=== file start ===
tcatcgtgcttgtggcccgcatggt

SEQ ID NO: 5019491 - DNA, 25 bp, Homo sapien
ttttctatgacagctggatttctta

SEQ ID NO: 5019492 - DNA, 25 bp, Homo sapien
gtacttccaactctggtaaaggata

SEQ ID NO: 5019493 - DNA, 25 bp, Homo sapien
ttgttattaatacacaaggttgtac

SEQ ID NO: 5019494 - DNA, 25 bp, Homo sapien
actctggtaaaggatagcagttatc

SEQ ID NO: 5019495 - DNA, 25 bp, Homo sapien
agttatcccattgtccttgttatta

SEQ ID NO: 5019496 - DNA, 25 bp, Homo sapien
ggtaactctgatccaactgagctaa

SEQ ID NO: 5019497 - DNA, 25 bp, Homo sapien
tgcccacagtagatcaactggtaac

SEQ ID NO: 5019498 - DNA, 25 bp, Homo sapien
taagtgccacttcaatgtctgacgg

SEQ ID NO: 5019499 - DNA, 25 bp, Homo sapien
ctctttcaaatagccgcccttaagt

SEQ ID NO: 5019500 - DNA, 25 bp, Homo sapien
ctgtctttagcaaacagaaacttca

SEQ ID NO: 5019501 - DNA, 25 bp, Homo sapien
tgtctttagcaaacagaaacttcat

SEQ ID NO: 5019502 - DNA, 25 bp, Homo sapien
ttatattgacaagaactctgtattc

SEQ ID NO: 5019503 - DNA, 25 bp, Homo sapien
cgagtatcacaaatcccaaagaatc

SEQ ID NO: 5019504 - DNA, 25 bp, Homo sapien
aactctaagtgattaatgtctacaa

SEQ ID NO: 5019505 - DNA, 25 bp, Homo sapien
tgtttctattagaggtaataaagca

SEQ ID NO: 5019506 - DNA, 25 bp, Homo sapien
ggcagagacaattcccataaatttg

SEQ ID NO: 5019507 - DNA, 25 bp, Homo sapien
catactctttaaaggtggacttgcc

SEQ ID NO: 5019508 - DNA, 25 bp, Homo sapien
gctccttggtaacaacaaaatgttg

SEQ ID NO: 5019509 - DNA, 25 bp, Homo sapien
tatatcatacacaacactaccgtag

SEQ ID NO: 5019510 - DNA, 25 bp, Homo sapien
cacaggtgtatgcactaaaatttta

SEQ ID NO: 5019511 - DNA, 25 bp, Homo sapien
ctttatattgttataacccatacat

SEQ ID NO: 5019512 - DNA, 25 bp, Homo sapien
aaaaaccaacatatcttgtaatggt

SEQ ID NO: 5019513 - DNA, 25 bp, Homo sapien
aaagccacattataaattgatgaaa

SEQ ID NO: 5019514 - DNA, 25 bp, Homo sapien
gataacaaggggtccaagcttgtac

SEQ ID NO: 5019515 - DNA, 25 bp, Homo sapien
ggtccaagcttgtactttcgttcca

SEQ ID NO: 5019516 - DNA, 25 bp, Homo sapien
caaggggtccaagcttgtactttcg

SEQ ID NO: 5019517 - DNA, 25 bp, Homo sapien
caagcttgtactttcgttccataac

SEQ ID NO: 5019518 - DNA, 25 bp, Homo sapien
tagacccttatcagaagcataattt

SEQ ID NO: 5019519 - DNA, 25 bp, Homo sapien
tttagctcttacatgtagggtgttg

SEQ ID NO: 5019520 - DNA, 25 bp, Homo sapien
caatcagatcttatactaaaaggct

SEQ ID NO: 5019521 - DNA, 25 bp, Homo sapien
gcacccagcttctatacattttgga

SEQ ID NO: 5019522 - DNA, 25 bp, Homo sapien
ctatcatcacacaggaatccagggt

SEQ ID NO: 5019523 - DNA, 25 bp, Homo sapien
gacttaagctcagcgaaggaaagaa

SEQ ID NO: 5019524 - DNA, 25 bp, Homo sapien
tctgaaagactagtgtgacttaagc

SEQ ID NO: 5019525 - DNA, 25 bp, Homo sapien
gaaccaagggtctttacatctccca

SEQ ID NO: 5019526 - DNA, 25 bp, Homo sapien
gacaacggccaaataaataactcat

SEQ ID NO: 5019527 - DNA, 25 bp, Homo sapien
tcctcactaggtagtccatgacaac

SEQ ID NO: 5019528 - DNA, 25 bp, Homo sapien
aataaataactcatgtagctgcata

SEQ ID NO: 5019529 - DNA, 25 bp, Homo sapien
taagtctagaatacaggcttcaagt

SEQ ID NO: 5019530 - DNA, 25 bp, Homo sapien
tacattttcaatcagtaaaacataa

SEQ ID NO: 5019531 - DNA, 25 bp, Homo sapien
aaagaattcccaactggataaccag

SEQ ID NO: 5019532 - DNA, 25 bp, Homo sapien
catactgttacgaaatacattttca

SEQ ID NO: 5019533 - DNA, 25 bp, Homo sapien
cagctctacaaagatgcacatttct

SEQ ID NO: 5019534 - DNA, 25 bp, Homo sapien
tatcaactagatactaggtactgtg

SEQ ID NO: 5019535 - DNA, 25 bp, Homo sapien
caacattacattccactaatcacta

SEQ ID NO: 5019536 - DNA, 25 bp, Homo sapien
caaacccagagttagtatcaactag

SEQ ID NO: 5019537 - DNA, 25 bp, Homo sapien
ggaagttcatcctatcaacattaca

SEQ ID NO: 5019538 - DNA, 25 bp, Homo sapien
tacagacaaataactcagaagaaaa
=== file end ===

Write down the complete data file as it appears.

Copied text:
tcatcgtgcttgtggcccgcatggt

SEQ ID NO: 5019491 - DNA, 25 bp, Homo sapien
ttttctatgacagctggatttctta

SEQ ID NO: 5019492 - DNA, 25 bp, Homo sapien
gtacttccaactctggtaaaggata

SEQ ID NO: 5019493 - DNA, 25 bp, Homo sapien
ttgttattaatacacaaggttgtac

SEQ ID NO: 5019494 - DNA, 25 bp, Homo sapien
actctggtaaaggatagcagttatc

SEQ ID NO: 5019495 - DNA, 25 bp, Homo sapien
agttatcccattgtccttgttatta

SEQ ID NO: 5019496 - DNA, 25 bp, Homo sapien
ggtaactctgatccaactgagctaa

SEQ ID NO: 5019497 - DNA, 25 bp, Homo sapien
tgcccacagtagatcaactggtaac

SEQ ID NO: 5019498 - DNA, 25 bp, Homo sapien
taagtgccacttcaatgtctgacgg

SEQ ID NO: 5019499 - DNA, 25 bp, Homo sapien
ctctttcaaatagccgcccttaagt

SEQ ID NO: 5019500 - DNA, 25 bp, Homo sapien
ctgtctttagcaaacagaaacttca

SEQ ID NO: 5019501 - DNA, 25 bp, Homo sapien
tgtctttagcaaacagaaacttcat

SEQ ID NO: 5019502 - DNA, 25 bp, Homo sapien
ttatattgacaagaactctgtattc

SEQ ID NO: 5019503 - DNA, 25 bp, Homo sapien
cgagtatcacaaatcccaaagaatc

SEQ ID NO: 5019504 - DNA, 25 bp, Homo sapien
aactctaagtgattaatgtctacaa

SEQ ID NO: 5019505 - DNA, 25 bp, Homo sapien
tgtttctattagaggtaataaagca

SEQ ID NO: 5019506 - DNA, 25 bp, Homo sapien
ggcagagacaattcccataaatttg

SEQ ID NO: 5019507 - DNA, 25 bp, Homo sapien
catactctttaaaggtggacttgcc

SEQ ID NO: 5019508 - DNA, 25 bp, Homo sapien
gctccttggtaacaacaaaatgttg

SEQ ID NO: 5019509 - DNA, 25 bp, Homo sapien
tatatcatacacaacactaccgtag

SEQ ID NO: 5019510 - DNA, 25 bp, Homo sapien
cacaggtgtatgcactaaaatttta

SEQ ID NO: 5019511 - DNA, 25 bp, Homo sapien
ctttatattgttataacccatacat

SEQ ID NO: 5019512 - DNA, 25 bp, Homo sapien
aaaaaccaacatatcttgtaatggt

SEQ ID NO: 5019513 - DNA, 25 bp, Homo sapien
aaagccacattataaattgatgaaa

SEQ ID NO: 5019514 - DNA, 25 bp, Homo sapien
gataacaaggggtccaagcttgtac

SEQ ID NO: 5019515 - DNA, 25 bp, Homo sapien
ggtccaagcttgtactttcgttcca

SEQ ID NO: 5019516 - DNA, 25 bp, Homo sapien
caaggggtccaagcttgtactttcg

SEQ ID NO: 5019517 - DNA, 25 bp, Homo sapien
caagcttgtactttcgttccataac

SEQ ID NO: 5019518 - DNA, 25 bp, Homo sapien
tagacccttatcagaagcataattt

SEQ ID NO: 5019519 - DNA, 25 bp, Homo sapien
tttagctcttacatgtagggtgttg

SEQ ID NO: 5019520 - DNA, 25 bp, Homo sapien
caatcagatcttatactaaaaggct

SEQ ID NO: 5019521 - DNA, 25 bp, Homo sapien
gcacccagcttctatacattttgga

SEQ ID NO: 5019522 - DNA, 25 bp, Homo sapien
ctatcatcacacaggaatccagggt

SEQ ID NO: 5019523 - DNA, 25 bp, Homo sapien
gacttaagctcagcgaaggaaagaa

SEQ ID NO: 5019524 - DNA, 25 bp, Homo sapien
tctgaaagactagtgtgacttaagc

SEQ ID NO: 5019525 - DNA, 25 bp, Homo sapien
gaaccaagggtctttacatctccca

SEQ ID NO: 5019526 - DNA, 25 bp, Homo sapien
gacaacggccaaataaataactcat

SEQ ID NO: 5019527 - DNA, 25 bp, Homo sapien
tcctcactaggtagtccatgacaac

SEQ ID NO: 5019528 - DNA, 25 bp, Homo sapien
aataaataactcatgtagctgcata

SEQ ID NO: 5019529 - DNA, 25 bp, Homo sapien
taagtctagaatacaggcttcaagt

SEQ ID NO: 5019530 - DNA, 25 bp, Homo sapien
tacattttcaatcagtaaaacataa

SEQ ID NO: 5019531 - DNA, 25 bp, Homo sapien
aaagaattcccaactggataaccag

SEQ ID NO: 5019532 - DNA, 25 bp, Homo sapien
catactgttacgaaatacattttca

SEQ ID NO: 5019533 - DNA, 25 bp, Homo sapien
cagctctacaaagatgcacatttct

SEQ ID NO: 5019534 - DNA, 25 bp, Homo sapien
tatcaactagatactaggtactgtg

SEQ ID NO: 5019535 - DNA, 25 bp, Homo sapien
caacattacattccactaatcacta

SEQ ID NO: 5019536 - DNA, 25 bp, Homo sapien
caaacccagagttagtatcaactag

SEQ ID NO: 5019537 - DNA, 25 bp, Homo sapien
ggaagttcatcctatcaacattaca

SEQ ID NO: 5019538 - DNA, 25 bp, Homo sapien
tacagacaaataactcagaagaaaa